Picasso – Important Works on Paper
Saturday 7th June – Sunday 29th June
We are proud to present our stunning collection of Pablo Picasso prints, all originals from the time period. The collection includes signed and unsigned Picasso Exhibition posters from the 1960s to the late 70s.
Who is Pablo Picasso?
Pablo Picasso (b.1881) was a Spanish painter who is widely acknowledged to be one of the most important artists of the twentieth century.
He was born Pablo Ruiz, the son of an art teacher and later adopted his mother’s maiden name of Picasso. He grew up in Barcelona, showing artistic talent at an early age. In the early 1900s, he moved between France and Spain before finally settling in Paris in 1904. There, he experimented with a number of styles and produced his own original ones, reflected in his ‘Blue’ and ‘Rose’ periods.
Galerie H. Matarasso, 1957
“Painting isn’t an aesthetic operation; it’s a form of magic designed as a mediator between this strange hostile world and us.”
In 1907 Picasso painted Les Demoiselles d’Avignon, a revolutionary work that introduced a major new style, ‘Cubism’, working closely with the French artist Georges Baraque in the development of this style. Picasso’s next major innovation, in 1912, was ‘Collage’, attaching pieces of cloth, newspapers or advertising to his paintings.
Picasso moved from style to style, experimenting with painting and sculpture and became involved with the Surrealist movement. In 1937, he produced his masterpiece, ‘Guernica’, a painting inspired by the destruction of the town in northern Spain by German bombers during the Spanish Civil War. Picasso supported the Republican government fighting against General Franco, and never returned to Spain after Franco’s victory.
“Ah, good taste! What a dreadful thing! Taste is the enemy of creativeness.”
Unlike many artists, Picasso remained in Paris during the German occupation. From 1946 to his death, he lived mainly in the south of France. He continued to produce a huge variety of work including paintings, sculptures, etchings and ceramics as well as a vast array of posters and other works on paper.
L’Heritage De Delacroix, 1964
Picasso was involved with a number of women during his life who were often artistic muses as well as lovers. He had four children. On 8th April 1973, he died of a heart attack at his home in Cannes.
“If I paint a wild horse, you might not see the horse…but surely you will see the wildness.”
Blue Period 1901-1904
This period is characterized by essentially monochromatic paintings in shades of blue and blue-green, only occasionally warmed by other colours. These sombre works, inspired by Spain but painted in Paris, are now some of his most popular works. The works seem to reflect his experience of relative poverty and instability, depicting beggars, circus people or the poor.
Rose Period 1904-1906
This period signifies the time when the style of Picasso’s painting regains its romantic quality in a series of cheerful and warm orange and pink colours, During these few years, Picasso was happy in his relationship with Fernande Oliver. Harlequins, circus performers and clowns appear frequently and will populate his paintings at various stages through the rest of his career.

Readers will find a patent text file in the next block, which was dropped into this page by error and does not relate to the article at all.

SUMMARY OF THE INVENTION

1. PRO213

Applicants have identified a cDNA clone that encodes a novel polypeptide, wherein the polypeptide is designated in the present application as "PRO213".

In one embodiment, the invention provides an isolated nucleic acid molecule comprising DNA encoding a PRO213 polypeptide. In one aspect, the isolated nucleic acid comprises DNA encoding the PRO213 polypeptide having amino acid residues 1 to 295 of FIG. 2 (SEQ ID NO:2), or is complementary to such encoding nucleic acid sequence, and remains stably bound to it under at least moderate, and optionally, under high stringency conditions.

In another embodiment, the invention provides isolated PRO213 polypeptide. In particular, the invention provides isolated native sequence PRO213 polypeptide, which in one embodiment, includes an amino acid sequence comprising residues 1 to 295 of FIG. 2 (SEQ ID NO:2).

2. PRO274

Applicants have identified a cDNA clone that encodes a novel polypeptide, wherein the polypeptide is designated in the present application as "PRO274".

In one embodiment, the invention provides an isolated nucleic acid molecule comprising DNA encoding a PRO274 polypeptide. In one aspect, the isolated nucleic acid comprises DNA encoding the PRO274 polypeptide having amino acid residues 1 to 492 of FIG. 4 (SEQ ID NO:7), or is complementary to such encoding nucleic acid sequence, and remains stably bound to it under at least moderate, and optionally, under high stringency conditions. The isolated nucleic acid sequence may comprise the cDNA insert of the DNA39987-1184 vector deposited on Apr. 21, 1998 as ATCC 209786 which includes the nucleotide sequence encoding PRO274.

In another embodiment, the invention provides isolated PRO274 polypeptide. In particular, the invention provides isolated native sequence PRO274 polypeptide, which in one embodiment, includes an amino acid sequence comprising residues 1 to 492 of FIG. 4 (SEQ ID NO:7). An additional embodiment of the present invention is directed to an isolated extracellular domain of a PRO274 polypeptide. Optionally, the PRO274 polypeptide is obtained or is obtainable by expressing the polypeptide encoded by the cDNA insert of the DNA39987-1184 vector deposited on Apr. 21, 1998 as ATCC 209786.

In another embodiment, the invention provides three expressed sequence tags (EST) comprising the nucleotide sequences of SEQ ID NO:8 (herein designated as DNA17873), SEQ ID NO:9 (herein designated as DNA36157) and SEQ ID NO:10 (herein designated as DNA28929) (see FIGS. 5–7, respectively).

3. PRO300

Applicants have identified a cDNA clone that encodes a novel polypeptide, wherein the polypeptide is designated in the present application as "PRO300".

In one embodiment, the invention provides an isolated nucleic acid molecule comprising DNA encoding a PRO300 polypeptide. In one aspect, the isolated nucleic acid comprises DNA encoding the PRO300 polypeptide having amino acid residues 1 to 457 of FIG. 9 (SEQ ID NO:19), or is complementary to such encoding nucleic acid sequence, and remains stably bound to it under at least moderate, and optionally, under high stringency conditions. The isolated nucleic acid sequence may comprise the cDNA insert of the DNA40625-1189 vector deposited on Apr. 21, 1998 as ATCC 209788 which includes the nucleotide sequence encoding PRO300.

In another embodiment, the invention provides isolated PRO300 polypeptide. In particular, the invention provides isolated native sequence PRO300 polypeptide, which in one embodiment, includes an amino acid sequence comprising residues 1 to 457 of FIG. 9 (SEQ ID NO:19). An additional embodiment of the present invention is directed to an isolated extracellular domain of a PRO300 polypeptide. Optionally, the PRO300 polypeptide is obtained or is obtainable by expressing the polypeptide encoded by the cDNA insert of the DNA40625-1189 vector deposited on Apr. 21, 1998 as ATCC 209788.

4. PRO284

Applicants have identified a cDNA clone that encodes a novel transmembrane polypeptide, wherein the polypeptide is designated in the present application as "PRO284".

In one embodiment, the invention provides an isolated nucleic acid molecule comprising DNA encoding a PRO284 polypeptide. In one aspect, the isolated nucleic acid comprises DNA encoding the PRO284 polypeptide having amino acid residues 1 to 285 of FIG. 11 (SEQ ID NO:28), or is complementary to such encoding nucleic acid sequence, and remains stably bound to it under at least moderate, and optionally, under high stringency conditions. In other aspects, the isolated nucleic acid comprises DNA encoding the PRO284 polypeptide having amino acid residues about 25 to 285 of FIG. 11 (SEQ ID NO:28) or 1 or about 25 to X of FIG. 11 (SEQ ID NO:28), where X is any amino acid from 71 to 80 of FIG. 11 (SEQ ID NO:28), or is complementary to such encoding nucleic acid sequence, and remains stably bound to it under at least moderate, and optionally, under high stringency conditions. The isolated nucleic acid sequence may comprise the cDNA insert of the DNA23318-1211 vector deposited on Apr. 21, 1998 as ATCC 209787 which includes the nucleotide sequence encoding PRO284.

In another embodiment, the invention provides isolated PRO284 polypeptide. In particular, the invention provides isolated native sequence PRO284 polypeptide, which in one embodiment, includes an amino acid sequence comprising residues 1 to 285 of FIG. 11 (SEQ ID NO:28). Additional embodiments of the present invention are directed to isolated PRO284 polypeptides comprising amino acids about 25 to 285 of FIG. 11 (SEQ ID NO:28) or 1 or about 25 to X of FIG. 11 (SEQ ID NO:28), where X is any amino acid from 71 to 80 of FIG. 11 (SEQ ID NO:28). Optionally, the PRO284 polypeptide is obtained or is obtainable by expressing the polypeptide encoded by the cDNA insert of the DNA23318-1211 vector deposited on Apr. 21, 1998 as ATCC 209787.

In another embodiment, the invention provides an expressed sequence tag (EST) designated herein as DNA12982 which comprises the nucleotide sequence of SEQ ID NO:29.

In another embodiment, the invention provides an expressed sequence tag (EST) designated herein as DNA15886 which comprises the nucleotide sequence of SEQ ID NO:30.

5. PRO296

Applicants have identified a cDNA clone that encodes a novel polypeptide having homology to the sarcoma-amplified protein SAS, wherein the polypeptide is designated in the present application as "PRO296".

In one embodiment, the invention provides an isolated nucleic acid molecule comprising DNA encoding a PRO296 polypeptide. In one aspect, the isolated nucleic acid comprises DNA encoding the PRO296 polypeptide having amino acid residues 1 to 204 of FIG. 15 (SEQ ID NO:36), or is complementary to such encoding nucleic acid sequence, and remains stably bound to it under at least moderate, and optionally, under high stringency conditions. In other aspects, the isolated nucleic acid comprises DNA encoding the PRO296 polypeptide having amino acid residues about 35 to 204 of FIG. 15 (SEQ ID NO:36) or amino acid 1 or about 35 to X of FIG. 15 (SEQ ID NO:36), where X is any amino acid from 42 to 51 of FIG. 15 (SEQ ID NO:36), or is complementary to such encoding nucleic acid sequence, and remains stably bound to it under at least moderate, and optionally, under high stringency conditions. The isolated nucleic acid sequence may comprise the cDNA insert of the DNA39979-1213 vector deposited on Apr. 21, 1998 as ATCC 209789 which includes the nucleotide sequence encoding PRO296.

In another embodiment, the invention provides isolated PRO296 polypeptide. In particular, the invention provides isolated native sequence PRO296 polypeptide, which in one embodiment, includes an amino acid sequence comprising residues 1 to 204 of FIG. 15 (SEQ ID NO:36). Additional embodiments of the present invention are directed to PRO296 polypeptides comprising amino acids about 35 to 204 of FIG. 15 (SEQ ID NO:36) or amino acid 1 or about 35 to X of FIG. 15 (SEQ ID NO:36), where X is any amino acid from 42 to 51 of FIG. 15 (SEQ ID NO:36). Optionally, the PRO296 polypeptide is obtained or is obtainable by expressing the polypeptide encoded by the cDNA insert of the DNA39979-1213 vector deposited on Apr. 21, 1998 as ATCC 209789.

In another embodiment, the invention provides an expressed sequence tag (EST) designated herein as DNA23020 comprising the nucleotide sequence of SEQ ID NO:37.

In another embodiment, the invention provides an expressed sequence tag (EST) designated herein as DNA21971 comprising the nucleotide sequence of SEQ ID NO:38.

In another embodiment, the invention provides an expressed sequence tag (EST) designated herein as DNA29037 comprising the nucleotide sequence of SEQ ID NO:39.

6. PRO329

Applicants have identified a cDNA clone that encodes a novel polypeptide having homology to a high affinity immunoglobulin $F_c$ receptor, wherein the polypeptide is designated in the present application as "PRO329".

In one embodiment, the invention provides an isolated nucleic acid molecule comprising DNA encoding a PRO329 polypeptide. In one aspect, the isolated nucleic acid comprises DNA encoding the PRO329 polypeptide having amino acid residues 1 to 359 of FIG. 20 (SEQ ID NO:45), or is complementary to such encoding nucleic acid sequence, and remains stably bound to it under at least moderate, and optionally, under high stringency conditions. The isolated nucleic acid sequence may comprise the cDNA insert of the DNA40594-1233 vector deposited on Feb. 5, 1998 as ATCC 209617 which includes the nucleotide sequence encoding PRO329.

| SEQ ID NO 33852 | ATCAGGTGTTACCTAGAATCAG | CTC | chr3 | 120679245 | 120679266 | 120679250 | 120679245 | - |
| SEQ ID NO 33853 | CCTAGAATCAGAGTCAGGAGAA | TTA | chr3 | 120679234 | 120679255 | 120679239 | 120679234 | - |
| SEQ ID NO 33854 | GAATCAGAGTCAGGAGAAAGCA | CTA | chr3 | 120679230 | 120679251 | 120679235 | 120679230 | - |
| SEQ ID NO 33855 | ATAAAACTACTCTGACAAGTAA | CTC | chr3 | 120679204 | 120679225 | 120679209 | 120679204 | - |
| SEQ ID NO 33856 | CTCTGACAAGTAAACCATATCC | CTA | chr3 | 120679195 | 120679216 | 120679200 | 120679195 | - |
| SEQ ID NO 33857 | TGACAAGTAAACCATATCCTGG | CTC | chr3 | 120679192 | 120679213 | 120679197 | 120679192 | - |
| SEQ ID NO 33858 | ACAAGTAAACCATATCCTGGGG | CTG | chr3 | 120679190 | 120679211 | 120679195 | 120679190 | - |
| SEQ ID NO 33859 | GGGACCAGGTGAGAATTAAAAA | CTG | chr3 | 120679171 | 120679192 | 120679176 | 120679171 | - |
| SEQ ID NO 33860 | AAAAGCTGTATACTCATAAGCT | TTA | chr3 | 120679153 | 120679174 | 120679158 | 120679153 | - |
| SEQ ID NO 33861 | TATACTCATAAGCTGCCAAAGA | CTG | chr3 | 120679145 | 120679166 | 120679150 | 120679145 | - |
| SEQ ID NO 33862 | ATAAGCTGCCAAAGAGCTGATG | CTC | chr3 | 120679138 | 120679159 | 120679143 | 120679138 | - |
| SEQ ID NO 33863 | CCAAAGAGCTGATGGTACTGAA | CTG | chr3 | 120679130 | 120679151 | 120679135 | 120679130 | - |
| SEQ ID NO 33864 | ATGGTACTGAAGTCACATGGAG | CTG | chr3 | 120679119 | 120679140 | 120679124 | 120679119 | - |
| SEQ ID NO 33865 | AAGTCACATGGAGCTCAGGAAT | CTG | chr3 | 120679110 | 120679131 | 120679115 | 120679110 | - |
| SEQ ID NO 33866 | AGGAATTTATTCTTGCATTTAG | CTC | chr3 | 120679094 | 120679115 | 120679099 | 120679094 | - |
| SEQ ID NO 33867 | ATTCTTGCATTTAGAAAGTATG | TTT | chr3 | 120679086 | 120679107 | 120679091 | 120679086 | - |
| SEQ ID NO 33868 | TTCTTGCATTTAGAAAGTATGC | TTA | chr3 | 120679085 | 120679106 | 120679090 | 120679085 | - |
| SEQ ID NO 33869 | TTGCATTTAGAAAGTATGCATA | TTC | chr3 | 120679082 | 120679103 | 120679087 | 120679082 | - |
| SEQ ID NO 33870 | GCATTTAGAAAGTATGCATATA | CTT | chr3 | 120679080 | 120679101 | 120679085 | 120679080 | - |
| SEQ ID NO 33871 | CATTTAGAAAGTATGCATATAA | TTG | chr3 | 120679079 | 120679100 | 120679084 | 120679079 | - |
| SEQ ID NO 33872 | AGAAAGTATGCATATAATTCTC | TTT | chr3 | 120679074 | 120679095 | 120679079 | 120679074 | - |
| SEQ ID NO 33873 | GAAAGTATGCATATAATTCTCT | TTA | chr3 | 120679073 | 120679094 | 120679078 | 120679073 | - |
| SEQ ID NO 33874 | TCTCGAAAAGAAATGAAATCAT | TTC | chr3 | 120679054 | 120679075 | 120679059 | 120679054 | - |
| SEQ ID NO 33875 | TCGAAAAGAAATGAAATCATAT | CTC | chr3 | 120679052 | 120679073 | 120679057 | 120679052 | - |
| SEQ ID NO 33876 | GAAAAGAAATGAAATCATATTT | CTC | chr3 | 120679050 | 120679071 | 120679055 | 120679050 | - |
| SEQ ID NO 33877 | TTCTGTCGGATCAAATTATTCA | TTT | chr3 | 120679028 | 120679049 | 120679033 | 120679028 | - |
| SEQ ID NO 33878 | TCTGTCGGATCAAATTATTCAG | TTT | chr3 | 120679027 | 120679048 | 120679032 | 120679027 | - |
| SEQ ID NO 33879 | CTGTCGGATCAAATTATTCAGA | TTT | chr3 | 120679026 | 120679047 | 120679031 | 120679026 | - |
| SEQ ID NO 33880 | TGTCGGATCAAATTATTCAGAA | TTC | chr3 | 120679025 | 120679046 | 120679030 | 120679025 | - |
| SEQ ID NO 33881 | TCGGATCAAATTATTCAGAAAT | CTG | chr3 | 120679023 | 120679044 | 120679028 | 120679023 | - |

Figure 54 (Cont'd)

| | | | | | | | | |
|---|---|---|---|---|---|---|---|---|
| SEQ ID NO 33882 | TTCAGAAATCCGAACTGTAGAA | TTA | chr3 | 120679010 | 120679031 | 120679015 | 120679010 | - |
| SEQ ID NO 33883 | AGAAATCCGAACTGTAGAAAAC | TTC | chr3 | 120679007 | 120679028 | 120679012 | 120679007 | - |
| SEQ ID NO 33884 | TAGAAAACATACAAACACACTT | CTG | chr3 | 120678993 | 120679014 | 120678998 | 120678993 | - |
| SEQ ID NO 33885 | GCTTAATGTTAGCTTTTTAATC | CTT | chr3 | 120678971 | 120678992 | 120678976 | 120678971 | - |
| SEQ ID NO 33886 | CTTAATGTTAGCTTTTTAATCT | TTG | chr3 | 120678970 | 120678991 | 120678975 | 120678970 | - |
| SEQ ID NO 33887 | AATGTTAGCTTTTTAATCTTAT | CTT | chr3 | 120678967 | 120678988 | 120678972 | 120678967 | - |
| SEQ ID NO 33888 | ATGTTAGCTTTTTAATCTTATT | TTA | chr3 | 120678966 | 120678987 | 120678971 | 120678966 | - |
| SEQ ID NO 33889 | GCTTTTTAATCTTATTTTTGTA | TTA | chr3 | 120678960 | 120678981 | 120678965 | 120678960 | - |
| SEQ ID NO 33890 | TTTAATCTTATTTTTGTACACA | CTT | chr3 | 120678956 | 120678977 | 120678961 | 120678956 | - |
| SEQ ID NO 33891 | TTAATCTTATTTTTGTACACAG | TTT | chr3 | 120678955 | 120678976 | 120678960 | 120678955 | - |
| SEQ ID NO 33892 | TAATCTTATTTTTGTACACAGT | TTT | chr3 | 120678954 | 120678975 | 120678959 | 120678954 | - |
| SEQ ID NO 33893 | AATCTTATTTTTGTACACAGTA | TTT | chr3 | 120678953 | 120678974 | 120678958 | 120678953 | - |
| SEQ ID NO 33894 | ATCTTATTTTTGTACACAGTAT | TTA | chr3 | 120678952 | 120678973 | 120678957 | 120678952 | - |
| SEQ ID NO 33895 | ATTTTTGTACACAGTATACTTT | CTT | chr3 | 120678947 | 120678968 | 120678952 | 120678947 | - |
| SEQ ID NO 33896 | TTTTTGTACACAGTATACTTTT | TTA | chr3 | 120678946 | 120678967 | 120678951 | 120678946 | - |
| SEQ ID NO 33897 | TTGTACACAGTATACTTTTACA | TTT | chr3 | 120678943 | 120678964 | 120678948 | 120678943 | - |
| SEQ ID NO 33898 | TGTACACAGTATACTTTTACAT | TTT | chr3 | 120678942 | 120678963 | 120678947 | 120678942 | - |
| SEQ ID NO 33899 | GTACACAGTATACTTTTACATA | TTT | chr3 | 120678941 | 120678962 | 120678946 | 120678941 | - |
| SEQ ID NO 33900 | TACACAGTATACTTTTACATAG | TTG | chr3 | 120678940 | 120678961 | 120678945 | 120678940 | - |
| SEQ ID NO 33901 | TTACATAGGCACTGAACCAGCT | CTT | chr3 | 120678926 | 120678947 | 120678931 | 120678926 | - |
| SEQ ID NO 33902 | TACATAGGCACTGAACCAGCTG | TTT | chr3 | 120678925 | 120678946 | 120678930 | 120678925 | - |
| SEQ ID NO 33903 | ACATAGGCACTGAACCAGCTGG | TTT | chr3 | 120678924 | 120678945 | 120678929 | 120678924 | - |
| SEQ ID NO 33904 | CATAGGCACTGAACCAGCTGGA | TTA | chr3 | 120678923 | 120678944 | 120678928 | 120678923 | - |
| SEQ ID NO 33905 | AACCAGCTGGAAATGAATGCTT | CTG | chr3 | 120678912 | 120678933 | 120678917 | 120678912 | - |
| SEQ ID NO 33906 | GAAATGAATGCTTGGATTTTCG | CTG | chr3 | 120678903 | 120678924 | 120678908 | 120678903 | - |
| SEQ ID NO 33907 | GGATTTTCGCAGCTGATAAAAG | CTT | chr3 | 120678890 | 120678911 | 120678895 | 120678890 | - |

Museo Picasso, Placio Agular
Primitivism and Africa 1907-1909
Picasso looked further afield for inspiration at this time of his career, painting in a style strongly influenced by African and ancient Iberian sculpture. During this time the French empire was expanding into Africa, and African artifacts were being brought back to Paris museums. It was during this period that Picasso painted his most famous work Les Demoiselles d’Avignon, echoing the angular shapes of the African masks and sculptures he saw in the Louvre
Le Dejeuner Sur L’Herbe – Galerie Louise Leris, 1962
From 1909 onwards Picasso moved toward abstraction, leaving only enough signs of the real world to supply a tension between the reality of the outside of the painting and the complicated meditations on visual language within the frame, resulting in the artistic movement known as Cubism. Picasso analysed natural forms and reduced them into basic geometric parts on a two-dimensional plane. Colour was almost non-existent except for the use of a monochromatic scheme that often included grey, blue and ochre.
Galerie Louise Leris ,1960
Classicism and Surrealism 1918-1945
Picasso’s Cubist periods was followed by his neo-classicism, a return to tradition. In the period following the upheaval of World War I, Picasso produced work in a neoclassical style. This return to order is evident in the works of many European artists in the 1920s.
Much of his work after 1927 is also fantastic and visionary in character. The Surrealism movement was growing in strength and popularity and even Picasso could not really avoid being influenced by it.
Galerie Lucie Weill, 1966
Picasso’s late works were a mixture of styles, his means of expression in constant flux until the end of his life. Devoting his full energies to his work, he became more daring, his works more colourful and expressive and from 1968 through to 1971 he produced a torrent of paintings and hundreds of copperplate etchings. At the time these works were dismissed by most as pornographic fantasies of an old man or the slapdash works of an artist past his prime. Only later, after his death, when the rest of the art world had moved on from abstract expressionism, did the critical community come to see that Picasso had already discovered neo-expressionism and as, as so often before, ahead of his time.
Galerie Lucie Weill, 1967-1968
Sala Gaspar, 1968
In the last years of his life painting had become an obsessions with Picasso, and he would date each picture with absolute precision, thus creating a vast amount of similar paintings – as if attempting to crystallize individual moments of time.
Come and see our historic Picasso Exhibition today!